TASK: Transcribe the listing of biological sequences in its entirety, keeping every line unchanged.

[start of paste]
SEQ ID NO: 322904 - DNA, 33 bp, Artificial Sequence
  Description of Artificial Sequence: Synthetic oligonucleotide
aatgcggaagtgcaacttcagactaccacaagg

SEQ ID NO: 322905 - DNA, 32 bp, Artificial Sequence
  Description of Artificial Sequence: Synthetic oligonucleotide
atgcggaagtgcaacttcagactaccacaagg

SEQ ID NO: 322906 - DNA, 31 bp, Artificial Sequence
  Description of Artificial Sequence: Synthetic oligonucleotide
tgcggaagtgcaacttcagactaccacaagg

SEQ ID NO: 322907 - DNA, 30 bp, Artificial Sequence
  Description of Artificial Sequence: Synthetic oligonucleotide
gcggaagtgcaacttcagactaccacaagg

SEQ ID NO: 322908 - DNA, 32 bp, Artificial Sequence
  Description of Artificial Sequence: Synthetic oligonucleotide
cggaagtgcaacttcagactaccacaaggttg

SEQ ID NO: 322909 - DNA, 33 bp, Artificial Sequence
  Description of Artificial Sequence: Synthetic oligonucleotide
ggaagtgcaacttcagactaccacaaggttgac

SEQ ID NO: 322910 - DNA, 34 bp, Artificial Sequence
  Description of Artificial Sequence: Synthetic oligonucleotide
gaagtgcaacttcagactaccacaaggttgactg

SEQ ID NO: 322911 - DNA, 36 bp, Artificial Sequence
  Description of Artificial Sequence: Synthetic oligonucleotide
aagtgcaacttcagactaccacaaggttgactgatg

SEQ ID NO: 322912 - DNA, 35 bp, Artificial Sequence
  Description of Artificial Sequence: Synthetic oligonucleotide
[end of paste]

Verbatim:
SEQ ID NO: 322904 - DNA, 33 bp, Artificial Sequence
  Description of Artificial Sequence: Synthetic oligonucleotide
aatgcggaagtgcaacttcagactaccacaagg

SEQ ID NO: 322905 - DNA, 32 bp, Artificial Sequence
  Description of Artificial Sequence: Synthetic oligonucleotide
atgcggaagtgcaacttcagactaccacaagg

SEQ ID NO: 322906 - DNA, 31 bp, Artificial Sequence
  Description of Artificial Sequence: Synthetic oligonucleotide
tgcggaagtgcaacttcagactaccacaagg

SEQ ID NO: 322907 - DNA, 30 bp, Artificial Sequence
  Description of Artificial Sequence: Synthetic oligonucleotide
gcggaagtgcaacttcagactaccacaagg

SEQ ID NO: 322908 - DNA, 32 bp, Artificial Sequence
  Description of Artificial Sequence: Synthetic oligonucleotide
cggaagtgcaacttcagactaccacaaggttg

SEQ ID NO: 322909 - DNA, 33 bp, Artificial Sequence
  Description of Artificial Sequence: Synthetic oligonucleotide
ggaagtgcaacttcagactaccacaaggttgac

SEQ ID NO: 322910 - DNA, 34 bp, Artificial Sequence
  Description of Artificial Sequence: Synthetic oligonucleotide
gaagtgcaacttcagactaccacaaggttgactg

SEQ ID NO: 322911 - DNA, 36 bp, Artificial Sequence
  Description of Artificial Sequence: Synthetic oligonucleotide
aagtgcaacttcagactaccacaaggttgactgatg

SEQ ID NO: 322912 - DNA, 35 bp, Artificial Sequence
  Description of Artificial Sequence: Synthetic oligonucleotide